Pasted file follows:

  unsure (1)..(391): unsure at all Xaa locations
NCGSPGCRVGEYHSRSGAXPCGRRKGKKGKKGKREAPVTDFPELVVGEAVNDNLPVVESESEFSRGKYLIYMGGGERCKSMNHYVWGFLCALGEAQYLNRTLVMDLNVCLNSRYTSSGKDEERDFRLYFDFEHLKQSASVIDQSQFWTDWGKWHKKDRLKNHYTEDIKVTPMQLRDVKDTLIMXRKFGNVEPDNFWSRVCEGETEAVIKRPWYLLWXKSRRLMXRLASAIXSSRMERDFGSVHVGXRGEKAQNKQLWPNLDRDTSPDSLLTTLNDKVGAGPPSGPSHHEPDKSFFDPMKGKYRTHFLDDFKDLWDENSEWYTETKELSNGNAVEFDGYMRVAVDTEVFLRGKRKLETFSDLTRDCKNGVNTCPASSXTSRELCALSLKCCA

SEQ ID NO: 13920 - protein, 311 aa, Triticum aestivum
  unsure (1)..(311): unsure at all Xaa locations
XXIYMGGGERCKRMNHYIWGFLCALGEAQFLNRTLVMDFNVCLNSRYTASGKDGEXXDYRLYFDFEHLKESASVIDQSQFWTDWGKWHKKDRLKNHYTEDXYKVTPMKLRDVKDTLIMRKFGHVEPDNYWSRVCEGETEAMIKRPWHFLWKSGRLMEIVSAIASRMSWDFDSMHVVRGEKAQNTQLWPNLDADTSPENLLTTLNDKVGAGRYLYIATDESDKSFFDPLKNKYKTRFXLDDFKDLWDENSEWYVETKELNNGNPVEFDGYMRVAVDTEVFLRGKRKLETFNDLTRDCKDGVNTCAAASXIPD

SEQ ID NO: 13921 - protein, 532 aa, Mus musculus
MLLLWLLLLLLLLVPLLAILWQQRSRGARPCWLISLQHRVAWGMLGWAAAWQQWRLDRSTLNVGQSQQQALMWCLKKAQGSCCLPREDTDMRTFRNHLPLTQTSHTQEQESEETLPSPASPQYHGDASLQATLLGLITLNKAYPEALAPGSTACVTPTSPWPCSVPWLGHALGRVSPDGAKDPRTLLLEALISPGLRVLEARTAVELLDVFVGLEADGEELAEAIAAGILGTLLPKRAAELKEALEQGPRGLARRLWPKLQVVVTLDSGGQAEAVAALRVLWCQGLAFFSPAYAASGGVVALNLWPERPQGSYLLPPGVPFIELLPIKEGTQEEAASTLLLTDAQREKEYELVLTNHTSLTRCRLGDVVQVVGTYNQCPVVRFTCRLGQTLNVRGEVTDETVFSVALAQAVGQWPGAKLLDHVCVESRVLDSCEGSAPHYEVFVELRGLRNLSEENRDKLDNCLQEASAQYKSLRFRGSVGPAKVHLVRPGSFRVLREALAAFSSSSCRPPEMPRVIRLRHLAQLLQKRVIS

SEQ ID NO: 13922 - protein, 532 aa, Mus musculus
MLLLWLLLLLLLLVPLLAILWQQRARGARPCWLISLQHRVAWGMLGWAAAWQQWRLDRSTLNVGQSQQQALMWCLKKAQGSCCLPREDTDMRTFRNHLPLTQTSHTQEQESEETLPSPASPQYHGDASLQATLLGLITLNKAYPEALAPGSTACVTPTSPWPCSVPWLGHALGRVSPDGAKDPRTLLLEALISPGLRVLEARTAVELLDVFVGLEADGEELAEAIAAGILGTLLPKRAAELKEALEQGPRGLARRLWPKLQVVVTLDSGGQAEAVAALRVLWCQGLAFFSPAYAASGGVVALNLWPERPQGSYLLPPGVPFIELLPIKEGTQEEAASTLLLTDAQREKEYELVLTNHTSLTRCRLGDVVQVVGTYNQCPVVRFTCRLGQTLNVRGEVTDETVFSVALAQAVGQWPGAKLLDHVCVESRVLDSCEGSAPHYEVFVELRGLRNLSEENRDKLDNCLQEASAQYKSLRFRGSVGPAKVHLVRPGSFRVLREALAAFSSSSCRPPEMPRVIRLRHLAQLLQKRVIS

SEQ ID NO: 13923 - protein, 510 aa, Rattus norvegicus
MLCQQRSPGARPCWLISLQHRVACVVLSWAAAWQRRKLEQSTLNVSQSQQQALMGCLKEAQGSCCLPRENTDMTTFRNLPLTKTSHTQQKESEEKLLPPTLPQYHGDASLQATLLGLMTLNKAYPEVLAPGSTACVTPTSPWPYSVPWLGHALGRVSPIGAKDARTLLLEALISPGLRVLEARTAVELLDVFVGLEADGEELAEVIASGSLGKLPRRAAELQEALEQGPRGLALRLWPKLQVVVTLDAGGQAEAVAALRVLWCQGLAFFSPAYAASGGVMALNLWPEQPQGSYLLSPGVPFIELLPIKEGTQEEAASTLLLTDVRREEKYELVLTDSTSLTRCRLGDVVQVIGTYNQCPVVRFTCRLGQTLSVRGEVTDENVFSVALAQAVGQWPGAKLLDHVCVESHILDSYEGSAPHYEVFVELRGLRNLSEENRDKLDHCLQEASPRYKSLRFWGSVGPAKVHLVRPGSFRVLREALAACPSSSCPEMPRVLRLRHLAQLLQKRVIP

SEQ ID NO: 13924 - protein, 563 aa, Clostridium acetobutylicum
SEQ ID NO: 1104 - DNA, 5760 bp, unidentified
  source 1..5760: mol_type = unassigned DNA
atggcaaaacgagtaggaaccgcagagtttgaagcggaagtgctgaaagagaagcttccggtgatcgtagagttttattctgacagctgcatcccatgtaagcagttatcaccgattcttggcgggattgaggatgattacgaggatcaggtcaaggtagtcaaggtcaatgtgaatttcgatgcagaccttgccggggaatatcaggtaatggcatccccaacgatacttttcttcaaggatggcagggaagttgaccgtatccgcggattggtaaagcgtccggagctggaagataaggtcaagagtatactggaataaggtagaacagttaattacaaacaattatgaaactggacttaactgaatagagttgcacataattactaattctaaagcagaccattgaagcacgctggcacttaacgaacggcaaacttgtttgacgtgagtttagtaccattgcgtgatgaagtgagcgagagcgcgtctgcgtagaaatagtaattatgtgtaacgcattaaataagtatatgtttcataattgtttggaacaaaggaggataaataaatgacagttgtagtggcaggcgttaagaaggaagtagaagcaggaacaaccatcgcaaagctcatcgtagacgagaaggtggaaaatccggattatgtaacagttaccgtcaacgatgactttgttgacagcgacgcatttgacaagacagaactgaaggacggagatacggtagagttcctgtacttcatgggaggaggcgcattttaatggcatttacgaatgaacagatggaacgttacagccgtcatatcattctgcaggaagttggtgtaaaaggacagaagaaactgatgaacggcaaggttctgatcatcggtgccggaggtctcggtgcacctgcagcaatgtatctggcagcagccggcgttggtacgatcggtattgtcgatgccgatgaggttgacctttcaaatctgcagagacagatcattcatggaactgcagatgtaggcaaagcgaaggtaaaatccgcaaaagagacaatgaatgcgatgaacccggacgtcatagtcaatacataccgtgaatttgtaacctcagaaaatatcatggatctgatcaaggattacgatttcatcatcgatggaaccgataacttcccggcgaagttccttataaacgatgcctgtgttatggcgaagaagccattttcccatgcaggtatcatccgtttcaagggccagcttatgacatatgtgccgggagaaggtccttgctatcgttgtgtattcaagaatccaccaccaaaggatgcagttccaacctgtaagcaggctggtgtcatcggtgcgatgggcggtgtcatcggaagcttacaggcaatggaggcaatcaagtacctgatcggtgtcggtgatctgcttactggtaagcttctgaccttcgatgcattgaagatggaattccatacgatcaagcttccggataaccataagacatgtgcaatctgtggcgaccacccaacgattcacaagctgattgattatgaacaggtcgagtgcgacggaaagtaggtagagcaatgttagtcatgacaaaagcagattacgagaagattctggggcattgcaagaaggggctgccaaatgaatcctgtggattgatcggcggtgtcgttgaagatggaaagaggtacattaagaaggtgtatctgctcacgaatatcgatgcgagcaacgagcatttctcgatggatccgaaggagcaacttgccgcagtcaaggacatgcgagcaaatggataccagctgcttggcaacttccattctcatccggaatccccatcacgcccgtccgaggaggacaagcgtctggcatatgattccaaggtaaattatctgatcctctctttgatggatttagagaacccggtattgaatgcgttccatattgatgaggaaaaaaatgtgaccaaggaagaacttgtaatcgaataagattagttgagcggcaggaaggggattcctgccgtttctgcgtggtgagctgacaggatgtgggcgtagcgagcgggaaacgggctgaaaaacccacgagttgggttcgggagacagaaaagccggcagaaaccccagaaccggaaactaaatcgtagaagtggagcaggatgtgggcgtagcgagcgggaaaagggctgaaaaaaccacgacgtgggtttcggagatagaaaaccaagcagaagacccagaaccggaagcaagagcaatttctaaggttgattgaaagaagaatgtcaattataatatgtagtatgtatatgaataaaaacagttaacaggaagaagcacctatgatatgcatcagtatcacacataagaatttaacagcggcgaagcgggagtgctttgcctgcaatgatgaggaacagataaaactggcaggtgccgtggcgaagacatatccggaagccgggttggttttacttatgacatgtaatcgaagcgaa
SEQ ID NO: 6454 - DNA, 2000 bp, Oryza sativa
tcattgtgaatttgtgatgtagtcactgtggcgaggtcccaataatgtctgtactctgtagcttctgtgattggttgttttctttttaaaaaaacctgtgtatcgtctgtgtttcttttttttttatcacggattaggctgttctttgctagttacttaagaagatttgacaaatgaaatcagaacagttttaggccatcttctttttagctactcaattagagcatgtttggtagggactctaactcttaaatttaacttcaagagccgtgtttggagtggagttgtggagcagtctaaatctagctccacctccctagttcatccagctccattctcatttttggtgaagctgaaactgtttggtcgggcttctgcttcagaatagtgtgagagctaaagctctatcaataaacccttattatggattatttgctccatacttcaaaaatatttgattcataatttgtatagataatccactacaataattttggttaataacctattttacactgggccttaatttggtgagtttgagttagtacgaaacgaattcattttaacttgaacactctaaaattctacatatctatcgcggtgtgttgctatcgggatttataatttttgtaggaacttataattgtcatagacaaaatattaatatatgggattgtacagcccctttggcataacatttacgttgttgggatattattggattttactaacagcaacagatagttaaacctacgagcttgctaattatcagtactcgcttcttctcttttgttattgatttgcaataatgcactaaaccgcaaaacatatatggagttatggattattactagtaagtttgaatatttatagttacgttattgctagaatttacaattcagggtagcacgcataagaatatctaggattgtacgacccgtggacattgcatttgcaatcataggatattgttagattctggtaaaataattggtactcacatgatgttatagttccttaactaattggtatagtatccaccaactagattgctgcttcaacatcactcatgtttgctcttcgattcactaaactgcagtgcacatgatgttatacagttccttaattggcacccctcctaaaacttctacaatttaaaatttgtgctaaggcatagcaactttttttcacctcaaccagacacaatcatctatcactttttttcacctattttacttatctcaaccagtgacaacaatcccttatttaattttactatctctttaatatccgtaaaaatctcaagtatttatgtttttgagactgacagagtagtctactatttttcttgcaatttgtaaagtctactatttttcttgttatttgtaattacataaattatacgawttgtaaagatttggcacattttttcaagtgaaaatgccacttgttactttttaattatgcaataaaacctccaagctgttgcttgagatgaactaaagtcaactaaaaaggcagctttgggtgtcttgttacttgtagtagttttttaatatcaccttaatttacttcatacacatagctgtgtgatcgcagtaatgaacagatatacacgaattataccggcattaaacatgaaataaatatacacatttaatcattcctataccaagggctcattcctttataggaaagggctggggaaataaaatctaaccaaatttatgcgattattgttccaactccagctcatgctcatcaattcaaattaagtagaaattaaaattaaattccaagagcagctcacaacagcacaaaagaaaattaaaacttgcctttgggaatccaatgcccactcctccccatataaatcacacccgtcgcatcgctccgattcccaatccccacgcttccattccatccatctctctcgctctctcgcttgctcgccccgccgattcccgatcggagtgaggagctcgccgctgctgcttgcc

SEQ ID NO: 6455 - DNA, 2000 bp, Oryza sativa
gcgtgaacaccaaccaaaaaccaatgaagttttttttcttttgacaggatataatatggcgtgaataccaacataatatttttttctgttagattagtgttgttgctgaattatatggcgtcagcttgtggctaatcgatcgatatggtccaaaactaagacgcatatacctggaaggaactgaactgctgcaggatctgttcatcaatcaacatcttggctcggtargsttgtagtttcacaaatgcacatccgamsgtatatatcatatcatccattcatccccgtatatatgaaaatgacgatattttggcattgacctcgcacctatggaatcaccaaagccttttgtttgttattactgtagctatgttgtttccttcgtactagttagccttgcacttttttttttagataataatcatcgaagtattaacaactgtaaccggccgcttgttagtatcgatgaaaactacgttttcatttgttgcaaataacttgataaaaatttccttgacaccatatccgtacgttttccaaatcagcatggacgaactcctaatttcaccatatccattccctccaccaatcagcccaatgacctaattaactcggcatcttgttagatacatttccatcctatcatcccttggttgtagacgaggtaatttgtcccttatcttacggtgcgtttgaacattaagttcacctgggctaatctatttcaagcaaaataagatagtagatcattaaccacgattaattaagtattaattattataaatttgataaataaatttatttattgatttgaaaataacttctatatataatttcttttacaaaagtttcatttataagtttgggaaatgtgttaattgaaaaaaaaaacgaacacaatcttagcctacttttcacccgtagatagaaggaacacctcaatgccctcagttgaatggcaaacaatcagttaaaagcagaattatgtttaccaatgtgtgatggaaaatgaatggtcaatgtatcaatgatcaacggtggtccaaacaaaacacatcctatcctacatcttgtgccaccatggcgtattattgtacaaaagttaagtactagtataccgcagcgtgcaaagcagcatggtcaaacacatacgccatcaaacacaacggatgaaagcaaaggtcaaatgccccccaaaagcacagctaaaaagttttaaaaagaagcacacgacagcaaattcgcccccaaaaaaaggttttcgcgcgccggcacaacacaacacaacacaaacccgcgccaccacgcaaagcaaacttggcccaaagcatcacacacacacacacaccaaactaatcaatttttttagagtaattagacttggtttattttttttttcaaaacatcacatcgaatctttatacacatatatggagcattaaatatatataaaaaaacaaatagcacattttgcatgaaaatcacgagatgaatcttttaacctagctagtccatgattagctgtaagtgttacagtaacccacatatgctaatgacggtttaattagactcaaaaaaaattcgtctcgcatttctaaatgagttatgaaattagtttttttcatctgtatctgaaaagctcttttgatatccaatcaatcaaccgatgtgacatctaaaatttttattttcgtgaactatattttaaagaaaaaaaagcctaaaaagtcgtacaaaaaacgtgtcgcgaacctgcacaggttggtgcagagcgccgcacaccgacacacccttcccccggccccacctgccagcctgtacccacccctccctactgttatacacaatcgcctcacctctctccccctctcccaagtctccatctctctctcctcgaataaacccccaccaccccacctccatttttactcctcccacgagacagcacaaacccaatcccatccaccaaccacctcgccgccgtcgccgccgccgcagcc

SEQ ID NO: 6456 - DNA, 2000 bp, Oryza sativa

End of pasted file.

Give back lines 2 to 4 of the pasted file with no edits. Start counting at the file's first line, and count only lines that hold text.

NCGSPGCRVGEYHSRSGAXPCGRRKGKKGKKGKREAPVTDFPELVVGEAVNDNLPVVESESEFSRGKYLIYMGGGERCKSMNHYVWGFLCALGEAQYLNRTLVMDLNVCLNSRYTSSGKDEERDFRLYFDFEHLKQSASVIDQSQFWTDWGKWHKKDRLKNHYTEDIKVTPMQLRDVKDTLIMXRKFGNVEPDNFWSRVCEGETEAVIKRPWYLLWXKSRRLMXRLASAIXSSRMERDFGSVHVGXRGEKAQNKQLWPNLDRDTSPDSLLTTLNDKVGAGPPSGPSHHEPDKSFFDPMKGKYRTHFLDDFKDLWDENSEWYTETKELSNGNAVEFDGYMRVAVDTEVFLRGKRKLETFSDLTRDCKNGVNTCPASSXTSRELCALSLKCCA

SEQ ID NO: 13920 - protein, 311 aa, Triticum aestivum
  unsure (1)..(311): unsure at all Xaa locations